The real-life Nickel and Dimed the author of the wildly popular Poverty Thoughts essay tells what it s like to be working poor in America. ONE OF THE FIVE MOST IMPORTANT BOOKS OF THE YEAR--Esquire DEVASTATINGLY SMART AND FUNNY. I am the author of Nickel and Dimed, which tells the story of my own brief attempt, as a semi-undercover journalist, to survive on low-wage retail and service jobs. TIRADO IS THE REAL THING. Barbara Ehrenreich, from the Foreword As the haves and have-ts grow more separate and unequal in America, the working poor don t get heard from much. Now they have a voice and it s forthright, funny, and just a little bit furious. Here, Linda Tirado tells what it s like, day after day, to work, eat, shop, raise kids, and keep a roof over your head without eugh money. She also answers questions often asked about those who live on or near minimum wage: Why don t they get better jobs? Why don t they make better choices? Why do they smoke cigarettes and have ugly lawns? Why don t they borrow from their parents? Enlightening and entertaining, Hand to Mouthopens up a new and much-needed dialogue between the people who just don t have it and the people who just don t get it.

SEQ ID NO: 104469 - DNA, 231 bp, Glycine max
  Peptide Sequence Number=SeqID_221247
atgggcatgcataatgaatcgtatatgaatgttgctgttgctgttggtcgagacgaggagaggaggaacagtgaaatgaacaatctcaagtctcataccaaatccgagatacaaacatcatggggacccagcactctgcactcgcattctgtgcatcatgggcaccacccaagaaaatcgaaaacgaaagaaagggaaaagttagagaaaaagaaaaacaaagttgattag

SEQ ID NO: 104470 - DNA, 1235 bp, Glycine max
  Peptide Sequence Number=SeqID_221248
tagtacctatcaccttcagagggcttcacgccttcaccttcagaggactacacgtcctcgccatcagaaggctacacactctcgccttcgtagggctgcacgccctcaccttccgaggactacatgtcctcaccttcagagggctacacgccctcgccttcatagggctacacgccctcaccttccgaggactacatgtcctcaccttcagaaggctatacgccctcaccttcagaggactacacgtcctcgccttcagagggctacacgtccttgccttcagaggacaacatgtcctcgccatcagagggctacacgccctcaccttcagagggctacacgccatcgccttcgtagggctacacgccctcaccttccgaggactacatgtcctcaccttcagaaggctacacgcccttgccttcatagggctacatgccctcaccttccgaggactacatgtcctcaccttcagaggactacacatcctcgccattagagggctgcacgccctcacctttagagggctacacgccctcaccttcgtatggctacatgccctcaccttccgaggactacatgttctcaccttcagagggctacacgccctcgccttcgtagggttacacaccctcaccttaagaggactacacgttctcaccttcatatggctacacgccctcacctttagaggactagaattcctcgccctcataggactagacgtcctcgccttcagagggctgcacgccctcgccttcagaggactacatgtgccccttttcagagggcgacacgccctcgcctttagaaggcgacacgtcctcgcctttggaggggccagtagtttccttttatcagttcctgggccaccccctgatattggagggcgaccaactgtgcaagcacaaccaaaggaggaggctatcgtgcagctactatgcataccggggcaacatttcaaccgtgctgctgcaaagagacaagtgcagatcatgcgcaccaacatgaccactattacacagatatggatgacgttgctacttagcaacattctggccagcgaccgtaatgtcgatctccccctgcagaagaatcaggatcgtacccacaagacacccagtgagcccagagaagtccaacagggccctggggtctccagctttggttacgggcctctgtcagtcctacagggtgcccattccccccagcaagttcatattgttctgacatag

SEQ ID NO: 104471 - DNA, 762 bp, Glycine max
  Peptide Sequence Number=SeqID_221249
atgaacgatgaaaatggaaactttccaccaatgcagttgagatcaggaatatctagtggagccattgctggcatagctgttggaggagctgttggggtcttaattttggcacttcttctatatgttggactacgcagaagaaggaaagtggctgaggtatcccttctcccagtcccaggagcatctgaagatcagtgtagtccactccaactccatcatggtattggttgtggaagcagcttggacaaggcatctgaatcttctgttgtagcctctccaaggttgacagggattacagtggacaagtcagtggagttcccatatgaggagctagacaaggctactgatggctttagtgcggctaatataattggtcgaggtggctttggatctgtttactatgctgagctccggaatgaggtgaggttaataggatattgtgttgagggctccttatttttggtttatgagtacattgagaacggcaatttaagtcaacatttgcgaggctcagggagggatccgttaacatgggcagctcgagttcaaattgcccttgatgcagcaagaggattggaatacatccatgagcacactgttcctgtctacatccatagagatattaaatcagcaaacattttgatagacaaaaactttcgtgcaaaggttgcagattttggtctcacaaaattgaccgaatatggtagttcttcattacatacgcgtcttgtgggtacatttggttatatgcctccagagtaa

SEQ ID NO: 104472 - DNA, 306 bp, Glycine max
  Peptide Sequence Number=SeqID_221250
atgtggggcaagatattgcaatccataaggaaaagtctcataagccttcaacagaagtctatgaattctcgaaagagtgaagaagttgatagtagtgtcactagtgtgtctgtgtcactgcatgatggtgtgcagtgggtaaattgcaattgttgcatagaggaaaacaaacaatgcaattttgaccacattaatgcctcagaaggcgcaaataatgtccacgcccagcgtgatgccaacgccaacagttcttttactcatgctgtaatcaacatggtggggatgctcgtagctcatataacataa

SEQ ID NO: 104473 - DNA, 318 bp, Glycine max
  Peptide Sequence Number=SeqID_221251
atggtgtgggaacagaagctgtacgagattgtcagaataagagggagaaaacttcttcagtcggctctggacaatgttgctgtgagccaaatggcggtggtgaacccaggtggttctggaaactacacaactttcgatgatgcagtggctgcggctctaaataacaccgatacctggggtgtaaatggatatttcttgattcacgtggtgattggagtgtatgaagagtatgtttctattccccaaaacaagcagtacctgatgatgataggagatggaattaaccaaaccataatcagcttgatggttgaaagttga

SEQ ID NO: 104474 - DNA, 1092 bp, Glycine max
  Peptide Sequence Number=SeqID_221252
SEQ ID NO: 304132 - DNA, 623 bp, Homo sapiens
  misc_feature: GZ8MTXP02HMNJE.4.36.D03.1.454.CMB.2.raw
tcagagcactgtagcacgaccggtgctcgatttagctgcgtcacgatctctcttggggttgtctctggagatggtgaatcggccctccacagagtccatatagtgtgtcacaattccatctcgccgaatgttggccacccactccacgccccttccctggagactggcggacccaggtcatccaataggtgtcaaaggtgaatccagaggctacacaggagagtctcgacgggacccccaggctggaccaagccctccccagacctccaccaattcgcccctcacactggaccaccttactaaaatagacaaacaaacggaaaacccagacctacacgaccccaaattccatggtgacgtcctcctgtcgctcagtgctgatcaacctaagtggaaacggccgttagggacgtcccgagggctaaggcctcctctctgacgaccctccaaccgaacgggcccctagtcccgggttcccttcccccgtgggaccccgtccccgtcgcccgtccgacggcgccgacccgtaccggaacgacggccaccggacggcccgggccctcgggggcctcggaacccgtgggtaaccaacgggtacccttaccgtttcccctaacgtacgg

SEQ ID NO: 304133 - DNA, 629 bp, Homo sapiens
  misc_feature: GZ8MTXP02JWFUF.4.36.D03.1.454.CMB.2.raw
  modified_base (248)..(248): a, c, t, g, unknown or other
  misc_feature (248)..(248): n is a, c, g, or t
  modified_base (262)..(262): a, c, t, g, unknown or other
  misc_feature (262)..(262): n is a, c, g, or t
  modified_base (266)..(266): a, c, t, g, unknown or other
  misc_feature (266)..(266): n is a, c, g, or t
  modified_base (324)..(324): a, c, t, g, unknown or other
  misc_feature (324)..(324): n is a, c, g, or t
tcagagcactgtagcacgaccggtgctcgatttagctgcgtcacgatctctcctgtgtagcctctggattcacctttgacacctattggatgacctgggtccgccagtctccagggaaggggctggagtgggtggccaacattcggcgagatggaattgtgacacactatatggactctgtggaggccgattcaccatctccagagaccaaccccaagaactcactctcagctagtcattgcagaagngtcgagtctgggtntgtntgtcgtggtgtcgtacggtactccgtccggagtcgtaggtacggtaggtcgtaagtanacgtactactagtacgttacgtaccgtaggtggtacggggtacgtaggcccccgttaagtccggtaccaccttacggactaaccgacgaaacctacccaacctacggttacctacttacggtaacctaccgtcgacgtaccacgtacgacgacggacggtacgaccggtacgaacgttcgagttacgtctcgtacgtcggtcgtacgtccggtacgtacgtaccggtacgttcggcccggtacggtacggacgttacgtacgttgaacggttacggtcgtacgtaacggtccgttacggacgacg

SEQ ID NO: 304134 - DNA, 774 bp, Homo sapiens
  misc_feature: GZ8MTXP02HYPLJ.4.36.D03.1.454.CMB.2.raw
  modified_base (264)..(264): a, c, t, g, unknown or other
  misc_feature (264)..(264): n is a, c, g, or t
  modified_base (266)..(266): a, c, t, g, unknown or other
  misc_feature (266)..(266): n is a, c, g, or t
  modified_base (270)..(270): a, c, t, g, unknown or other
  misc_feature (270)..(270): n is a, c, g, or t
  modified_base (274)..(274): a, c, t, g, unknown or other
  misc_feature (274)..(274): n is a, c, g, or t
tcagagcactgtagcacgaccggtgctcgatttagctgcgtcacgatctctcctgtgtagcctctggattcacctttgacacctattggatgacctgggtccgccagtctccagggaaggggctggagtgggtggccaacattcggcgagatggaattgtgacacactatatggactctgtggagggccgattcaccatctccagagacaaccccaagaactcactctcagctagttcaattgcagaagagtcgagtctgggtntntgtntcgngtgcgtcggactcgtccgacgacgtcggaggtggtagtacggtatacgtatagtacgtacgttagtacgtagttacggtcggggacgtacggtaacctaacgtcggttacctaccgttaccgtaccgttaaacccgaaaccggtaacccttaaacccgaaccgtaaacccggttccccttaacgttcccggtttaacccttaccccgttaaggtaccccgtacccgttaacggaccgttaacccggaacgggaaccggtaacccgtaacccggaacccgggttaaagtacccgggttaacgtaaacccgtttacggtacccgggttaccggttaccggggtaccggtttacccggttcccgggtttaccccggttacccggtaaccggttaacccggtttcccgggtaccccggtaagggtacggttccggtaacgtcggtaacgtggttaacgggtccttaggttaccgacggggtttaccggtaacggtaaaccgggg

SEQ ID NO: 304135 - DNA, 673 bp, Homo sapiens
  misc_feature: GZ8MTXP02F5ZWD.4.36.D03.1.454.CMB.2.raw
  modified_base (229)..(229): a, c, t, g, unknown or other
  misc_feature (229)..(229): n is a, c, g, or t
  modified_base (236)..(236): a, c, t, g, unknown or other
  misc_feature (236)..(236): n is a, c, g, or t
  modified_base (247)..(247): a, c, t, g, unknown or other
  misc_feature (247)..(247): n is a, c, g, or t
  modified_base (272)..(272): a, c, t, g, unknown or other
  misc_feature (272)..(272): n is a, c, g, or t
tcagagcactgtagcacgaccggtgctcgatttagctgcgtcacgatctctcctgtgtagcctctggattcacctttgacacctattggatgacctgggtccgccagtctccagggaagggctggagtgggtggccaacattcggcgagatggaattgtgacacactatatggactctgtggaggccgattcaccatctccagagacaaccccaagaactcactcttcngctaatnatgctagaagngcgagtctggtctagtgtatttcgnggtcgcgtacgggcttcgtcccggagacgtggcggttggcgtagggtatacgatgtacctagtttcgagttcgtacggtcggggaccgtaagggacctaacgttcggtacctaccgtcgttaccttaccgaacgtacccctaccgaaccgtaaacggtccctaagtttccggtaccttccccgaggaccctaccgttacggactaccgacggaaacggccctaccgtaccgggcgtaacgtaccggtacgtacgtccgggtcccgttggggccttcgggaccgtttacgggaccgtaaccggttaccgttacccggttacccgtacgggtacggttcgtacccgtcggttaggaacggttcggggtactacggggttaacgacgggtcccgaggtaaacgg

Linda Tirado is a completely average American with two kids and, until recently, two jobs. Her essay Why I Make Terrible Decisions, or, Poverty Thoughts was picked up by the Huffington Post, the Nation, and countless other publications, and was read by more than six million people. This is her first book.